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In this June 26, 2018 photo, President Donald Trump listens during a meeting with Republican lawmakers in the Cabinet Room of the White House in Washington. (AP Photo/Evan Vucci)

Trump 'probably not' going to ask SCOTUS pick about overturning Roe v. Wade


WASHINGTON (Circa) — President Donald Trump said on Sunday that he doesn't plan to ask his Supreme Court nominee about his or her position on overturning the landmark Roe v. Wade decision that made abortions legal nationwide.

Justice Anthony Kennedy's announcement that he will step down from the Supreme Court at the end of July has some concerned that President Trump may choose to replace him with a more conservative justice who favors giving individual states the power to determine the legality of abortion.

In an interview with Fox News' Maria Bartiromo, Trump said he was being advised not to ask his nominee about the issue. "They're all saying, 'Don't do that. You shouldn't do that,'" Trump explained. "I don't think I'm going to be so specific in the questions I'm [asking]."

However, the president hinted that the 1973 decision could be overturned, saying whether or not women can access abortions "could very well end up with states at some point."

On the campaign trail, Trump told supporters that he would appoint pro-life justices to the court, likely resulting in the overturning of Roe v. Wade.

Defending women's access to abortions has become a central issue in what is expected to be a heated political battle over Trump's second Supreme Court pick.

Trump can only afford to lose one Republican vote in the Senate. Sen. John McCain, R-Ariz., who is undergoing treatment for brain cancer, is not expected to return to Washington to cast a vote. Under current Senate rules, the president needs a simple 51-vote majority to confirm the next justice.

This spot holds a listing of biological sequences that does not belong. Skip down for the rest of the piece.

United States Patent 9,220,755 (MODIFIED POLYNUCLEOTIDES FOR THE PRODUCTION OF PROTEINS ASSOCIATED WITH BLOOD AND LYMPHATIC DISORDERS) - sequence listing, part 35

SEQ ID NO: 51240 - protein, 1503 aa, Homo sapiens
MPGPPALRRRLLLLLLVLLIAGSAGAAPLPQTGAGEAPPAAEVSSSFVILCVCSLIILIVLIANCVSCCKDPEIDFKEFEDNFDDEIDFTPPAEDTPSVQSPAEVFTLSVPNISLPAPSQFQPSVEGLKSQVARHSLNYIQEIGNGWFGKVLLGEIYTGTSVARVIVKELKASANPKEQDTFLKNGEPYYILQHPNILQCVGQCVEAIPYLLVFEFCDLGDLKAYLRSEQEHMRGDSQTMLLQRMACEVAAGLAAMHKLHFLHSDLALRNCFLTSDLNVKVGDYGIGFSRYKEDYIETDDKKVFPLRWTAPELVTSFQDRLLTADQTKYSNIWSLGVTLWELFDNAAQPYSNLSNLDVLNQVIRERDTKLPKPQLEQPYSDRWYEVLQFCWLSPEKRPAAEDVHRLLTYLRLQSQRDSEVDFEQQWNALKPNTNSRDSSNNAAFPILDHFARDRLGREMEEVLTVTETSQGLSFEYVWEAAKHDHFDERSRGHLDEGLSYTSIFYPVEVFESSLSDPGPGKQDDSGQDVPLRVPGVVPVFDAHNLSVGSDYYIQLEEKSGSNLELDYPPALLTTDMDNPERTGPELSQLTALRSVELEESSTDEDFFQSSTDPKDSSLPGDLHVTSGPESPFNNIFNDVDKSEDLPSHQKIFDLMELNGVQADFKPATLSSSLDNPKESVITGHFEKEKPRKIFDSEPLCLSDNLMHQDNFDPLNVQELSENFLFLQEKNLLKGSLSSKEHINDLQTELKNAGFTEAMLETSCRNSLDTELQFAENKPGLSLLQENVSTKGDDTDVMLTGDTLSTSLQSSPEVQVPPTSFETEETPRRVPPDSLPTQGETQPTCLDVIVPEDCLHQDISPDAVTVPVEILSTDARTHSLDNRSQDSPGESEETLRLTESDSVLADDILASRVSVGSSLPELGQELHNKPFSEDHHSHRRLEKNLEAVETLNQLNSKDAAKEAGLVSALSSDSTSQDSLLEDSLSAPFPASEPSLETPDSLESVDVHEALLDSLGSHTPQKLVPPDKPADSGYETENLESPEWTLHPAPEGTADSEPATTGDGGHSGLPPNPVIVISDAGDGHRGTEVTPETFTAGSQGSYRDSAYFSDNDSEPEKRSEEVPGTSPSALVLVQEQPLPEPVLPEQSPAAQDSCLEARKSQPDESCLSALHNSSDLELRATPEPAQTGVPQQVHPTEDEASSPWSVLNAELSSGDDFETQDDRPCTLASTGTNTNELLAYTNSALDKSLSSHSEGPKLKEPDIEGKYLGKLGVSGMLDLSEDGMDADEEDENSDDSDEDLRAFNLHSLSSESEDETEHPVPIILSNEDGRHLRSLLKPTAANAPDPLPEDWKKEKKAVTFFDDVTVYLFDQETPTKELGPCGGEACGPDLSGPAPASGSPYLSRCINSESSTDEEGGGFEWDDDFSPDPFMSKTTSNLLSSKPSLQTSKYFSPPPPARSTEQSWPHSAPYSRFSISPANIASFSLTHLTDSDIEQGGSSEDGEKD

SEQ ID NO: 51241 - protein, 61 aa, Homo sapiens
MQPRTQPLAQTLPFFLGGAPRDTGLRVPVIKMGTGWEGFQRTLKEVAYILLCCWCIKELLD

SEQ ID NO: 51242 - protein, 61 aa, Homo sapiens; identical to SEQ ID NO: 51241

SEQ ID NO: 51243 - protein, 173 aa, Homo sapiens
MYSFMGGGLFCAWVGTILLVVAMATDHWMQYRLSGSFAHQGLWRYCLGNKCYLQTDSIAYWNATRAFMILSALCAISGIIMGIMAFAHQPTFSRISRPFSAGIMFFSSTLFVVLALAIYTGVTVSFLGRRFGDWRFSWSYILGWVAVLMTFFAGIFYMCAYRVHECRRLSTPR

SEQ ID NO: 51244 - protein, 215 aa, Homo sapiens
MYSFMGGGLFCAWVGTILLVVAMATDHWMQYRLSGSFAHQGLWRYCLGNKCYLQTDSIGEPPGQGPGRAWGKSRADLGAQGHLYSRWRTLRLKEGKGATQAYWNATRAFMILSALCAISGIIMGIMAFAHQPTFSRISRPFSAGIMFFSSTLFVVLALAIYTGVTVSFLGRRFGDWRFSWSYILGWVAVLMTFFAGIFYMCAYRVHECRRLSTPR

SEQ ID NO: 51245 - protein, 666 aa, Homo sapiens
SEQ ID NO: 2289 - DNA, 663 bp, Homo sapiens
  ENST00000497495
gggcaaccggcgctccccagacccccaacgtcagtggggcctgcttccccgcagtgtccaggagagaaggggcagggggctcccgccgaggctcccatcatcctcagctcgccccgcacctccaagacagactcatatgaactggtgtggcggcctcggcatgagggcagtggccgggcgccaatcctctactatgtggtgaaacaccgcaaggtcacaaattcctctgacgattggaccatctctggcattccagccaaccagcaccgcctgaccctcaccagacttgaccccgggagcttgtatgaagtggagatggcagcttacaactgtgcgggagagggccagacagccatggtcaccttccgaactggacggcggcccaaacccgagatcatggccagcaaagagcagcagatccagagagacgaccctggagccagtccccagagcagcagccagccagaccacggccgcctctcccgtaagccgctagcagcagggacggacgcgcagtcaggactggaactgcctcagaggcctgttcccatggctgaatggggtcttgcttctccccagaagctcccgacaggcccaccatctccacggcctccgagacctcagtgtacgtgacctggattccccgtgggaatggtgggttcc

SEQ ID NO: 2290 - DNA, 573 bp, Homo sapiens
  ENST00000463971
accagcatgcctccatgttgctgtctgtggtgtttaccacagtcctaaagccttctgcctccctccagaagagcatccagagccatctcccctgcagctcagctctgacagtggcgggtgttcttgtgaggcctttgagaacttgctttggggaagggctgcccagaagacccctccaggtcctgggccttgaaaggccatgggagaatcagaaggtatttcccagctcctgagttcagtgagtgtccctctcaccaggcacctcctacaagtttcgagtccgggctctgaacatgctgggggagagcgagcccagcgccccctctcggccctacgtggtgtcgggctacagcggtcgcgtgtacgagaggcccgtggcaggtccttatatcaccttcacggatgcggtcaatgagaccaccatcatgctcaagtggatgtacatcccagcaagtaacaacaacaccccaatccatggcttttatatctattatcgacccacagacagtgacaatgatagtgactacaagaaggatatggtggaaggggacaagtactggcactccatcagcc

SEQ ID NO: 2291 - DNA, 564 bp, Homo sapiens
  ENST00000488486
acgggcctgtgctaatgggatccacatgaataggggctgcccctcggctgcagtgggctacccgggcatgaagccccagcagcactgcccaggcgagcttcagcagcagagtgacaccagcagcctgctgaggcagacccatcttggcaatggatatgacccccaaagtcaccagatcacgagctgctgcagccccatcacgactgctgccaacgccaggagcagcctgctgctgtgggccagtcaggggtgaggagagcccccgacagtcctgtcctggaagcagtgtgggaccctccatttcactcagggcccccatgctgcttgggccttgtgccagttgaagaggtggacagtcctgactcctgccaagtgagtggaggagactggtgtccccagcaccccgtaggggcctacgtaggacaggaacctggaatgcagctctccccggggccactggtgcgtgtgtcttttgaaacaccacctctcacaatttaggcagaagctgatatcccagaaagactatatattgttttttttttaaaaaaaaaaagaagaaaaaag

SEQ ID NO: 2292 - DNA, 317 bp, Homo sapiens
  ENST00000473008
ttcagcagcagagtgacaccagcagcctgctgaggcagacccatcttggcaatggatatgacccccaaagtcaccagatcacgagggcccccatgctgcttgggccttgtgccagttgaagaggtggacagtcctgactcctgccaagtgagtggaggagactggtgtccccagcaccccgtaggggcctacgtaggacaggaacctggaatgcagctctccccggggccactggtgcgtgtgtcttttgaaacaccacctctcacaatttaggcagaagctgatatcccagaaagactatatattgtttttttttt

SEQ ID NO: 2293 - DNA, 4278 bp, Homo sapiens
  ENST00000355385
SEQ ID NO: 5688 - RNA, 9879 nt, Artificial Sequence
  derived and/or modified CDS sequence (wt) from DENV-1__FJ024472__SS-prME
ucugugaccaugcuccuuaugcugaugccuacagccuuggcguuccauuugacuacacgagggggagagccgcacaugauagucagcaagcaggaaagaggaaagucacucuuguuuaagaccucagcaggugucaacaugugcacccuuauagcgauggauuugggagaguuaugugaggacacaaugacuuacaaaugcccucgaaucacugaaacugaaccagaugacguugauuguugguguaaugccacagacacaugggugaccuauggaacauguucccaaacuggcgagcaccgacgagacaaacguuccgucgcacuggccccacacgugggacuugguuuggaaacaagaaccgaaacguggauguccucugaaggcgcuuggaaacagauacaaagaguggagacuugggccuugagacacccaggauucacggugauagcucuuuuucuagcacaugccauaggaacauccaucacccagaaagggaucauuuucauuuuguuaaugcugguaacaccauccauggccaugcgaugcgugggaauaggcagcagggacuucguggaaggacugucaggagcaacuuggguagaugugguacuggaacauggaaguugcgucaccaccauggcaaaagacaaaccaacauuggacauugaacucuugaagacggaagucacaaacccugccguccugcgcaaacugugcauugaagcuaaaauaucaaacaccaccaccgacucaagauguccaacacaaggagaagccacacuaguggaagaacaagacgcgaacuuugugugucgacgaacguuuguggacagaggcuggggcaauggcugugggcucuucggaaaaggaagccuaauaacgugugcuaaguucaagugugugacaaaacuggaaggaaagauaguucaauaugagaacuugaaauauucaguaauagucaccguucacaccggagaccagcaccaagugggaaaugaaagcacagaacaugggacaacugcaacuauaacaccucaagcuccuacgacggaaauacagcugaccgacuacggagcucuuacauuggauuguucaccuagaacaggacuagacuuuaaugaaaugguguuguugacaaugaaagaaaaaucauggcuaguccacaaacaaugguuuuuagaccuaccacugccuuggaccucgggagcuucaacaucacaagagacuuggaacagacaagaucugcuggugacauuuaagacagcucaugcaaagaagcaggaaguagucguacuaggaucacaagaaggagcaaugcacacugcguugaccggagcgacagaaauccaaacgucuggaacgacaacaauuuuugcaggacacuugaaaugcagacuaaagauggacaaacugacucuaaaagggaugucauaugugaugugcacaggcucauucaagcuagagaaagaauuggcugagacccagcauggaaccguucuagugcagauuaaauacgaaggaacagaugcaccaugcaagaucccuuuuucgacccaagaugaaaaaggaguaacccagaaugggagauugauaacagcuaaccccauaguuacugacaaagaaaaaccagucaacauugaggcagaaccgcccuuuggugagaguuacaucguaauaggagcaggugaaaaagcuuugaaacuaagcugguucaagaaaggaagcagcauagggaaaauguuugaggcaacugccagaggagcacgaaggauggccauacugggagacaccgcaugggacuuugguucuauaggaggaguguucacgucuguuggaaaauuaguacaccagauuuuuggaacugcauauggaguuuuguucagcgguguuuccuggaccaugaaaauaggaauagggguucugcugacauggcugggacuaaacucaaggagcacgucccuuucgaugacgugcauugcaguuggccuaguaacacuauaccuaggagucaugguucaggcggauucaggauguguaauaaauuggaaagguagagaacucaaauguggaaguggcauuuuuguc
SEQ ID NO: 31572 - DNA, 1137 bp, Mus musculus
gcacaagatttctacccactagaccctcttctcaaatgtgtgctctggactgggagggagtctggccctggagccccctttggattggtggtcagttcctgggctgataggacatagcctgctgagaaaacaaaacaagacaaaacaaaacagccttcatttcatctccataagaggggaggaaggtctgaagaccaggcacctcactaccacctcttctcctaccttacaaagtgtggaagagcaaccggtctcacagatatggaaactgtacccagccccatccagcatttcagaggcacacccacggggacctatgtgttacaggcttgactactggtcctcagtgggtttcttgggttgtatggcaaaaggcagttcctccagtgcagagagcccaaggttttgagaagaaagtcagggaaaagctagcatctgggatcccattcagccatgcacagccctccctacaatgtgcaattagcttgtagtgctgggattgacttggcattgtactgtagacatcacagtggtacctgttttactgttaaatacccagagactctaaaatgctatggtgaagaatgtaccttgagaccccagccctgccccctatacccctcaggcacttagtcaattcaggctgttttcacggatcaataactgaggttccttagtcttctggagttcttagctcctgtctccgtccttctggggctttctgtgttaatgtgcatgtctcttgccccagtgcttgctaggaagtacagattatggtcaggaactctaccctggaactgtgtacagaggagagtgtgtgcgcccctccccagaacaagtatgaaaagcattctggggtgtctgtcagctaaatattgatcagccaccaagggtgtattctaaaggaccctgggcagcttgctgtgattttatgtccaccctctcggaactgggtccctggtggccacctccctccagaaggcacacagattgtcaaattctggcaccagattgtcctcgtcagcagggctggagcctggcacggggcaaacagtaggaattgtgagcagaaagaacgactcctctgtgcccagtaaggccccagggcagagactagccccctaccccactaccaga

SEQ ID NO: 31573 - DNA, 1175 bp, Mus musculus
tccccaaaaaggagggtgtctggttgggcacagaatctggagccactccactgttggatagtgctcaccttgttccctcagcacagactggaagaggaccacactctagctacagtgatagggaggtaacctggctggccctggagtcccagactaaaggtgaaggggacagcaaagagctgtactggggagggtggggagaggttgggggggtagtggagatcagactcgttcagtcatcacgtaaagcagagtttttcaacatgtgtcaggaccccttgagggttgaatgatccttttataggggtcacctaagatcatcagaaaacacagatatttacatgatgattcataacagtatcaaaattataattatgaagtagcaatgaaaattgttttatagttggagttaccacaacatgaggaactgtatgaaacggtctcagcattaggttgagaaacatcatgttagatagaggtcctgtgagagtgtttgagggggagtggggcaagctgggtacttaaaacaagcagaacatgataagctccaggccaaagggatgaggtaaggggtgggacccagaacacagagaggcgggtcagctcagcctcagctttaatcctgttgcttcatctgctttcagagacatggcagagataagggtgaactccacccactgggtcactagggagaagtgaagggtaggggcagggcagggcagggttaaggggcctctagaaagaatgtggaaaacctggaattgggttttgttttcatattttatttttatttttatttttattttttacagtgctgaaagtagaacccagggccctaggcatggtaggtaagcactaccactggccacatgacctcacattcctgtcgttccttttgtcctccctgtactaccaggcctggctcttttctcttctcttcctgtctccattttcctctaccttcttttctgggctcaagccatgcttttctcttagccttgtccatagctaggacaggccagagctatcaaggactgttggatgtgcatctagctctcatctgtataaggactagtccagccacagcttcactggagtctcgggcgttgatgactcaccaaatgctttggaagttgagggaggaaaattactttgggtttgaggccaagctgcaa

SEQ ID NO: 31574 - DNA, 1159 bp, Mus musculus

Sen. Susan Collins, a moderate Republican from Maine, has said she will oppose the nomination of a justice who will reverse the decades-old decision to legalize abortion. In a Sunday interview on CNN's "State of the Union," Collins asserted that she "would not support a nominee who demonstrated hostility to Roe v. Wade," adding the decision established abortion as a "constitutional right."

In addition to Collins, Sen. Lisa Murkowski, R-Alaska, is also considered a key swing vote. Murkowski has said she personally dislikes abortion but recognizes it as a settled reproductive right.

On Friday, Trump sat down with a number of senators to discuss the potential nominee he will choose from a list of 25. Later, the president told reporters he had narrowed down the list to about five candidates, including two women.

President Trump is expected to announce his pick to succeed Justice Kennedy on July 9.

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